Centered on the 46-acre estate vineyard in Napa Valley’s St. Helena AVA, the land was the first Napa Valley estate vineyard to be farmed organically, since 1985—the next was in 1988—and certified organic since 1992. The nature of that land (primarily alluvial clay loam) and the work that the Spottswoode team does to preserve its health and make the most of it, have borne incredible fruit (both literal and figurative) ever since.
The current release, the Spottswoode Estate Cabernet Sauvignon 2017, has been widely hailed as a classic, and is one of those wines that is perfectly balanced and exquisitely delicious already, yet has another several decades of life left in it. Aromas of sage, forest floor, currants, blueberries, pencil shavings, and violets are lifted and utterly beautiful, and the palate is pure perfection: Balanced and concentrated with currants, blueberries, black raspberries and gobs of mixed cherries, sandalwood, incense (especially on the finish), cedar, orange oil, and dark chocolate. It wasn’t an easy vintage by any stretch—and not just because of the fires that year. After Labor Day, Spottswoode experienced 10 days over 100 degrees, including one that hit 117 Fahrenheit. Harvest “felt more like triage,” noted Weinkauf. Fortunately, explained Novak Milliken, the chemical-free farming and biodynamic techniques “really seem to be building in some resilience, some integrity, into the land.” She added that, “there’s just a resilience in the vineyard that allows it to weather these extremes,” which to me seems like it will be a defining factor in any top vineyard’s greatness moving forward, as extreme weather and climate shifts continue to impact the growth and rhythms of wine grapes.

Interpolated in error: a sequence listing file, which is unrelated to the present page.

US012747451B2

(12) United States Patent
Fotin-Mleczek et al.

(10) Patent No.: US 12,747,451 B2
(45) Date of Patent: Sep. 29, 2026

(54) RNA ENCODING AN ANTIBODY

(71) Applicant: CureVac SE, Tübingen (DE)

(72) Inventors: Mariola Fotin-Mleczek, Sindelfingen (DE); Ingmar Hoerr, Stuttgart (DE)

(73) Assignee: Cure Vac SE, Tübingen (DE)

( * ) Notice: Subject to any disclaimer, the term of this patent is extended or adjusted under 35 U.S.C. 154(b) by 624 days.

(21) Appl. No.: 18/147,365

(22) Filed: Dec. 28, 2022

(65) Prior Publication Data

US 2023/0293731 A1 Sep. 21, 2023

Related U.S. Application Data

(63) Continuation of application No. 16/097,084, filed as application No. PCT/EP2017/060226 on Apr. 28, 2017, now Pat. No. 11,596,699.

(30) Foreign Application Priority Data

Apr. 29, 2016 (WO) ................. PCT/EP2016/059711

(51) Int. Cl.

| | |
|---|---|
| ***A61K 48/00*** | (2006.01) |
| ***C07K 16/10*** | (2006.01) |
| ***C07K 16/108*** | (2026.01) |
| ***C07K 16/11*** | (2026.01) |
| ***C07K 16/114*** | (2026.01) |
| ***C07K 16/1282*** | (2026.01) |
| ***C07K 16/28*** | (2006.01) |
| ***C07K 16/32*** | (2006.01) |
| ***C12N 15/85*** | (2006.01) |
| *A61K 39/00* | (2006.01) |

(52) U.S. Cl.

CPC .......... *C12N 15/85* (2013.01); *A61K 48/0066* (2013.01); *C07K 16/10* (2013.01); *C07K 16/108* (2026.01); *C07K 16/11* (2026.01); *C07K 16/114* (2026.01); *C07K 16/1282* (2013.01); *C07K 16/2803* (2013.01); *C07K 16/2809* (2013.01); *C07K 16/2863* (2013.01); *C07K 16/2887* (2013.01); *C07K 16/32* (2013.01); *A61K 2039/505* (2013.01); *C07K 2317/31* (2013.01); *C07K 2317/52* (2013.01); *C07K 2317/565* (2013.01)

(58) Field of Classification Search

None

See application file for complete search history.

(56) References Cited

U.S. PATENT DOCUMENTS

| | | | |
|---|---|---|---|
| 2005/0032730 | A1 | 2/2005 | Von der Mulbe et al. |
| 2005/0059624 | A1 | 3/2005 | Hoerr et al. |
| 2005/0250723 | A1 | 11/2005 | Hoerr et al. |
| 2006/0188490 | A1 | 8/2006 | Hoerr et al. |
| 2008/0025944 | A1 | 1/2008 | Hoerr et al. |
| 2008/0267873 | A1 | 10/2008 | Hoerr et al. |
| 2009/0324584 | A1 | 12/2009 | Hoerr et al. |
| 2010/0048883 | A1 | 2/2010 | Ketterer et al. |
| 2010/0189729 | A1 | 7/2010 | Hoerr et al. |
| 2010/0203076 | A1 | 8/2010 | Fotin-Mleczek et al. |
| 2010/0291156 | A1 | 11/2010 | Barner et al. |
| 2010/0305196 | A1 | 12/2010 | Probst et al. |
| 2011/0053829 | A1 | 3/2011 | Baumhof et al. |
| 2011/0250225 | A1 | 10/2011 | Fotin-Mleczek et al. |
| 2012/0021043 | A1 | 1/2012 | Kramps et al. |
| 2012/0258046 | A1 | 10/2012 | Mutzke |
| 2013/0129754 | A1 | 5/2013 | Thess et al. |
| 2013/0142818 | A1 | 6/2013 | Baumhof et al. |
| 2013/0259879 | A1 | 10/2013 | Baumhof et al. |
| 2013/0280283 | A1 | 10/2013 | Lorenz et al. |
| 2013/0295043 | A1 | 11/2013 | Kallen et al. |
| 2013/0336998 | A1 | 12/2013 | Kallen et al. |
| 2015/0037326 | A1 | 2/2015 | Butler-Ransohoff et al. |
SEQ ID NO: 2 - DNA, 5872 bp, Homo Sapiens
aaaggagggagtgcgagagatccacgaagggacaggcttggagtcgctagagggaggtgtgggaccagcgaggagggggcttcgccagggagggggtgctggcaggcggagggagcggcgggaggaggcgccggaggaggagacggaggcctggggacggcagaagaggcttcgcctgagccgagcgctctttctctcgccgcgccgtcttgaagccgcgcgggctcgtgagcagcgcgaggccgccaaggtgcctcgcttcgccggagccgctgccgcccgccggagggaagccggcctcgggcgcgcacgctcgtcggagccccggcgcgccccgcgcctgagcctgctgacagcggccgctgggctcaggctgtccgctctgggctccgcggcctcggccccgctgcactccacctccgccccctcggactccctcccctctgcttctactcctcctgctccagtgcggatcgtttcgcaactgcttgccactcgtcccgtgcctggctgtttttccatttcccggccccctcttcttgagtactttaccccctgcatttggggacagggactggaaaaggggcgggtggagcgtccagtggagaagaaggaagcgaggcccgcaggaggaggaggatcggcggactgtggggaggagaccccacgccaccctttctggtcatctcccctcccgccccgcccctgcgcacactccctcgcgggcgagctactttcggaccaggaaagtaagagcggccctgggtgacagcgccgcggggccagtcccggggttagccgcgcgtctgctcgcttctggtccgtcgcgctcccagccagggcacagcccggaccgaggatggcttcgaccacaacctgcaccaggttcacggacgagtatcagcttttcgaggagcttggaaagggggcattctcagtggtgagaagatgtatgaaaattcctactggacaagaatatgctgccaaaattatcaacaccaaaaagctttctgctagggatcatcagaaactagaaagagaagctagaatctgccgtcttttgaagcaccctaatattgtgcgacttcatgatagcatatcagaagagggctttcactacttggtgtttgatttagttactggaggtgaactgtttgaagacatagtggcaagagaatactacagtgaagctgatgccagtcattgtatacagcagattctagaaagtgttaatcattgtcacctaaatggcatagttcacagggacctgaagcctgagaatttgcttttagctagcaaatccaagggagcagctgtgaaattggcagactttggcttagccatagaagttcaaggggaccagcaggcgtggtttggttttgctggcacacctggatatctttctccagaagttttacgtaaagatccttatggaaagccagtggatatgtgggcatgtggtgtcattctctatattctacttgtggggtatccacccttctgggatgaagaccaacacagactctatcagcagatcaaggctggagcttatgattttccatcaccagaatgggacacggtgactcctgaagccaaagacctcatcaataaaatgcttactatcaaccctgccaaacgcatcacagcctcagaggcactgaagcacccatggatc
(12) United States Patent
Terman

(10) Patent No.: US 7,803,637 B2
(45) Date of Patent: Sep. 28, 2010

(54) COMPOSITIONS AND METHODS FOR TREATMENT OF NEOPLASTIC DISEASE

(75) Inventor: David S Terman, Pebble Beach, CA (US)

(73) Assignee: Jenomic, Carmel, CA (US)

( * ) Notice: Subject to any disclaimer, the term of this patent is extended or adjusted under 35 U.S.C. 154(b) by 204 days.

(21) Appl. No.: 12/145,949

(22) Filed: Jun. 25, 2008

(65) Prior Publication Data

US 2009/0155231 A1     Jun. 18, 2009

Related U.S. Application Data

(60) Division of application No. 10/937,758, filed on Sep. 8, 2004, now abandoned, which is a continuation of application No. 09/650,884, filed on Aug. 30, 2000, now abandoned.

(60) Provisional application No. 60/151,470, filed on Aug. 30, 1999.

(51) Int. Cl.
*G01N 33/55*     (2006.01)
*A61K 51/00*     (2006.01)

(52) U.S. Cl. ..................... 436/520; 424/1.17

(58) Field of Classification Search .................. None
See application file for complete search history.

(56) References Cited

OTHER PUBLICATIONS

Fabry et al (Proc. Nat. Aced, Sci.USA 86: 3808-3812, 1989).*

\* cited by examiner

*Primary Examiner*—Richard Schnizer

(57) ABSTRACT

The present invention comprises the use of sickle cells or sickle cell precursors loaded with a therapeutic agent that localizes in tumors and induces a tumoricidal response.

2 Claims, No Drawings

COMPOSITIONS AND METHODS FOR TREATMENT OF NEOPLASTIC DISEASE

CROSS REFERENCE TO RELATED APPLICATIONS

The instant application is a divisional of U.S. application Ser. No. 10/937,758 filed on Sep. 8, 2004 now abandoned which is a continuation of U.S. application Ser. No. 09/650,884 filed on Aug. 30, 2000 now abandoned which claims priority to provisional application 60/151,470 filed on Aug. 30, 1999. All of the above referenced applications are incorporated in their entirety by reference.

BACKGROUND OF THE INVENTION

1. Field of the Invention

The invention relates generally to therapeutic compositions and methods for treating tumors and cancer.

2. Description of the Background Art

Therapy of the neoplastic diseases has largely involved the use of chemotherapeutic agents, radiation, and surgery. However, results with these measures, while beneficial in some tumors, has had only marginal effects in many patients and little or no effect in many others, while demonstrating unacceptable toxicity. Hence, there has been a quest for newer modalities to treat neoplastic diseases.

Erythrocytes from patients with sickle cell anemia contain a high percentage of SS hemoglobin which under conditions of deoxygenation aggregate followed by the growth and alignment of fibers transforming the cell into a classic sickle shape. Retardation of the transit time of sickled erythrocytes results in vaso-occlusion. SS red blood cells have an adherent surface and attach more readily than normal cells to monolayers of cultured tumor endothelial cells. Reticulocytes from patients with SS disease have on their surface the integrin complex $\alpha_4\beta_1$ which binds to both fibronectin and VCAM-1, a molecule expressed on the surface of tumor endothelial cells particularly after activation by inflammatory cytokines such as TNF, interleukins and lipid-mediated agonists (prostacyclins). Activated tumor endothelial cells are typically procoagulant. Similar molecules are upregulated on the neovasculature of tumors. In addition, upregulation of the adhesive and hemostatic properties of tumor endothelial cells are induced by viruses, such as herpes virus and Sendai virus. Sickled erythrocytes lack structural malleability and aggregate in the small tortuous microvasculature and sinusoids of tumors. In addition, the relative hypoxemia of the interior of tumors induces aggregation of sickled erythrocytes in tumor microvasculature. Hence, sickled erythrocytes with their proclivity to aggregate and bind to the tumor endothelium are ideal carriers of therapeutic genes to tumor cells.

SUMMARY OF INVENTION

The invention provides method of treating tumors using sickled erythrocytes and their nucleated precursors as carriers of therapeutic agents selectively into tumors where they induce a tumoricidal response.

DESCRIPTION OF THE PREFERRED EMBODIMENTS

The rich 2016 boasts kirsch-filled dark chocolate truffle aromas joined by cedar, black licorice, and violets that all precede a velvet-textured palate gushing with fig paste, Marmite, blood orange, blackberry coulis, melted dark chocolate, black cherries, and fresh-cut cedar. In 2015, Spottswoode contended with a severe draught, which resulted in the lowest-yielding vintage they had seen in the previous decade. The situation was “weird and unsettling,” recalled Weinkauf, “and I think I spent the rest of the vintage anxious about it.” He had nothing to worry about: In the glass, now five years after the fact, the wine is balanced, long, elegant, and subtly powerful, with aromas of herb-tinged and slightly meaty cherry skin, raspberries, mixed cherries, and whole cloves that set the stage for a palate of taut structure and concentration that promises decades of evolution. Already there is a sense of tobacco leaf and cedar-lined humidor, sage, oregano, pencil led, and sandalwood.